Indigenous Student Support

If you are an Indigenous University Student at Cape Breton University, there are several support services for you that lead to academic success. Some of the support services that make Unama’ki College so unique are listed below.

  • A health and wellness day is held at the beginning of each term to introduce Indigenous students to all of the following support services in this list.
  • There are professors in the Department of Indigenous Studies faculty who are Mi’kmaq, who speak the Mi’kmaq language and who are connected with First Nations Communities.
  • Unama’ki College houses two Elders in Residence.  These Elders provide support with academics, emotional support, and knowledge for students, faculty, and staff.
  • The Associate Vice-President of Indigenous Affairs and Unama’ki College, Stephen Augustine, is Mi’kmaq. He speaks the Mi’kmaq language and is a member of the Mi’kmaq Grand Council.
  • Unama’ki College has a full-time, fluent Mi’kmaq speaking staff member who is in charge of Indigenous Student Support. She helps students in Unama’ki College with things like, applying for scholarships/bursaries, setting up tutoring appointments, and assisting with any other things students might need in regard to writing, math, library research and emotional support.
  • The Mi’kmaq Resource Centre is a wealth of knowledge for CBU students and the general public. With a full-time archivist, it is open five days a week to help students with research of Mi’kmaq and other First Nations topics.  Within the Mi’kmaq Resource Centre is a “Healing Room”, which contains two comfortable rocking chairs with blankets.  The room is also equipped with a sound system for playing soothing music.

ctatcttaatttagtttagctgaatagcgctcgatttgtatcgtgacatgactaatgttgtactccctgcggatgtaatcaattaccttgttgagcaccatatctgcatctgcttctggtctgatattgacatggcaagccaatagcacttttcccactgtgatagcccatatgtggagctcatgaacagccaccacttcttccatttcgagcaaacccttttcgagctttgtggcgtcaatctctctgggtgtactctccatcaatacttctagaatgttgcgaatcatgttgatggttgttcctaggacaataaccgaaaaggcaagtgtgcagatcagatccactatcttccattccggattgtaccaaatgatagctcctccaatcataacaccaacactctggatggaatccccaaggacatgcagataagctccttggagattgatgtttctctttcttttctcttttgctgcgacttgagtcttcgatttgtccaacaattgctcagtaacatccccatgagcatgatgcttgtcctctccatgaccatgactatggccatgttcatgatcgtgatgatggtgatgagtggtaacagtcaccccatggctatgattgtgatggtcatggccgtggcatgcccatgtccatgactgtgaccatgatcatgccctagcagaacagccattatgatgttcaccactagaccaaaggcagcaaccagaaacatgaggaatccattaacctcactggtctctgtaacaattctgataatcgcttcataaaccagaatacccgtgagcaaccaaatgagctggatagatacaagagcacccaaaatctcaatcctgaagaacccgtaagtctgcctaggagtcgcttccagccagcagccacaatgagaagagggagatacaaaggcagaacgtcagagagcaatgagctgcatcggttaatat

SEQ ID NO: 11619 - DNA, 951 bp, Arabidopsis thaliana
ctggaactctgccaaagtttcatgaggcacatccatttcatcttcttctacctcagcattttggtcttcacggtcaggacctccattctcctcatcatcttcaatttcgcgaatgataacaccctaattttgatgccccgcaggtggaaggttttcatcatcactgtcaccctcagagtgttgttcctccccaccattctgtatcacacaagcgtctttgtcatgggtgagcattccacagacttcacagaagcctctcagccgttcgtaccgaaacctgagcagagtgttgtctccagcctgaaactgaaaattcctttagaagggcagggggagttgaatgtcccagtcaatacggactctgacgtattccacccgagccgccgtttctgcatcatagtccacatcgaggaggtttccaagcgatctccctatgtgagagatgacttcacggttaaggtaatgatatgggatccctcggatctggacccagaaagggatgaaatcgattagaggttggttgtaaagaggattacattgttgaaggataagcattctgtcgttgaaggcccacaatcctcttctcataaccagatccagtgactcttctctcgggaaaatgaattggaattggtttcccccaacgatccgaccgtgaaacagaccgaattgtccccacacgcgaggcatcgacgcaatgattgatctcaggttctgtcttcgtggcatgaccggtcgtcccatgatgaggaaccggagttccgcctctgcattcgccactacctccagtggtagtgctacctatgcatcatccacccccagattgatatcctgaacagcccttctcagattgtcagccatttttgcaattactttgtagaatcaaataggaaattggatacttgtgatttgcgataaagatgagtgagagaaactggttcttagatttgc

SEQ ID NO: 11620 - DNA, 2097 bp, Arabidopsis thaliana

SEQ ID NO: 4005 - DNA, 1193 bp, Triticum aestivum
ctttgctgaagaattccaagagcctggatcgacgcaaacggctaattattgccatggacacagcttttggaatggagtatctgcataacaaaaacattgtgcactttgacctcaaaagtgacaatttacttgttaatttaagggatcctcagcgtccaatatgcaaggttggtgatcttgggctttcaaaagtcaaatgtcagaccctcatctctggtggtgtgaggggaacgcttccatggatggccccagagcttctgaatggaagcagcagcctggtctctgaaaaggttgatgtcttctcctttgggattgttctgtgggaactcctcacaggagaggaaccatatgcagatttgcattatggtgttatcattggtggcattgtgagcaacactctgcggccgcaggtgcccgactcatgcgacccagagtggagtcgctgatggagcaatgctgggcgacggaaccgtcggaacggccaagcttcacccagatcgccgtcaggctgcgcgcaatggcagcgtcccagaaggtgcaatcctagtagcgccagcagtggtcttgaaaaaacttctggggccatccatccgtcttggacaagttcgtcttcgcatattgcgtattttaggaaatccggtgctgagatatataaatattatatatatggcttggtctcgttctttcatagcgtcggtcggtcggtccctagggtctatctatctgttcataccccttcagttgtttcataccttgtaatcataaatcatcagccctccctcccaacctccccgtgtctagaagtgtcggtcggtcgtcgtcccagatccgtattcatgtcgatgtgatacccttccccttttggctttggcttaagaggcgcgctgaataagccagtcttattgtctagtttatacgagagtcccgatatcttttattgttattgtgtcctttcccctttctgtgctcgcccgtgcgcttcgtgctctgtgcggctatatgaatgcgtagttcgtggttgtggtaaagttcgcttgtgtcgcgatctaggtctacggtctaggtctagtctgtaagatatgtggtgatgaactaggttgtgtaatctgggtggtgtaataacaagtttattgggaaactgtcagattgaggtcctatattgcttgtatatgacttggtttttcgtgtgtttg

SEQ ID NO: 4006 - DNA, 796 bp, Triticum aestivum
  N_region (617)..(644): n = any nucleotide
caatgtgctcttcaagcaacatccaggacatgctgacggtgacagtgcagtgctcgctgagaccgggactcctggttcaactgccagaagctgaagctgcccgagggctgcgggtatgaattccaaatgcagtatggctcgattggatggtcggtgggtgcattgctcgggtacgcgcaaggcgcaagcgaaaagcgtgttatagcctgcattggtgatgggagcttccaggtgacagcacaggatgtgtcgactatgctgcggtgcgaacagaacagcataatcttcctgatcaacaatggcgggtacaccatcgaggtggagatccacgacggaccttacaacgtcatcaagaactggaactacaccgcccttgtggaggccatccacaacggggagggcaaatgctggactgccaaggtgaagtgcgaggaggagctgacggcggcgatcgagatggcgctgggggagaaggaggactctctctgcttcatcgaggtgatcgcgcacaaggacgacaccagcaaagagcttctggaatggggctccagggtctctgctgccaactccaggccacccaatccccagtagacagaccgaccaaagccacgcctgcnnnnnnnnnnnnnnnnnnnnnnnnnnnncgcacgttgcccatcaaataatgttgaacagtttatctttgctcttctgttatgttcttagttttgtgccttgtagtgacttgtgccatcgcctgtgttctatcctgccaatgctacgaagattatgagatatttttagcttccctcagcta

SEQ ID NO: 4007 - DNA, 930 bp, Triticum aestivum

• Unama’ki College is home to the Mi’kmaq Language Lab, Kji-keptin Alexander Denny L’nui’sultimkeweyo’kuom. During the academic terms, as well as during the summer, the Mi’kmaq Language Lab hires Indigenous students on grants giving the students both jobs and research experience.
  • A staff member of the Writing Centre visits Unama’ki College once a week during the academic year.  These staff members are available to help students with any writing needs they may have.
  • A librarian, from the CBU library, comes to visit and offer help during the week in Unama’ki College.
  • There is a student lounge in Unama’ki College that is equipped with tables for doing school work, a small kitchenette, comfortable seating, and computers for students who need them.
  • There is a daily bus service from Eskasoni and Membertou, which takes students who do not have access to transportation to and from Cape Breton University.
  • Unama’ki College offers the delivery of academic courses in Mi’kmaq communities.  The in-community courses take place in Eskasoni, Wagmatcook, Waycobah, Potlotek, Paqtnkek, Millbrook, Sipekne’katik (Indian Brook), and Listuguj.
  • Last, but not least, Unama’ki College has a very supportive receptionist who helps Indigenous students at CBU with things like:  faxing materials to Bands and Indigenous Affairs in regard to funding issues, mailing and faxing of graduate school applications, and helping to fill out CBU forms dealing with add/drop and course registration.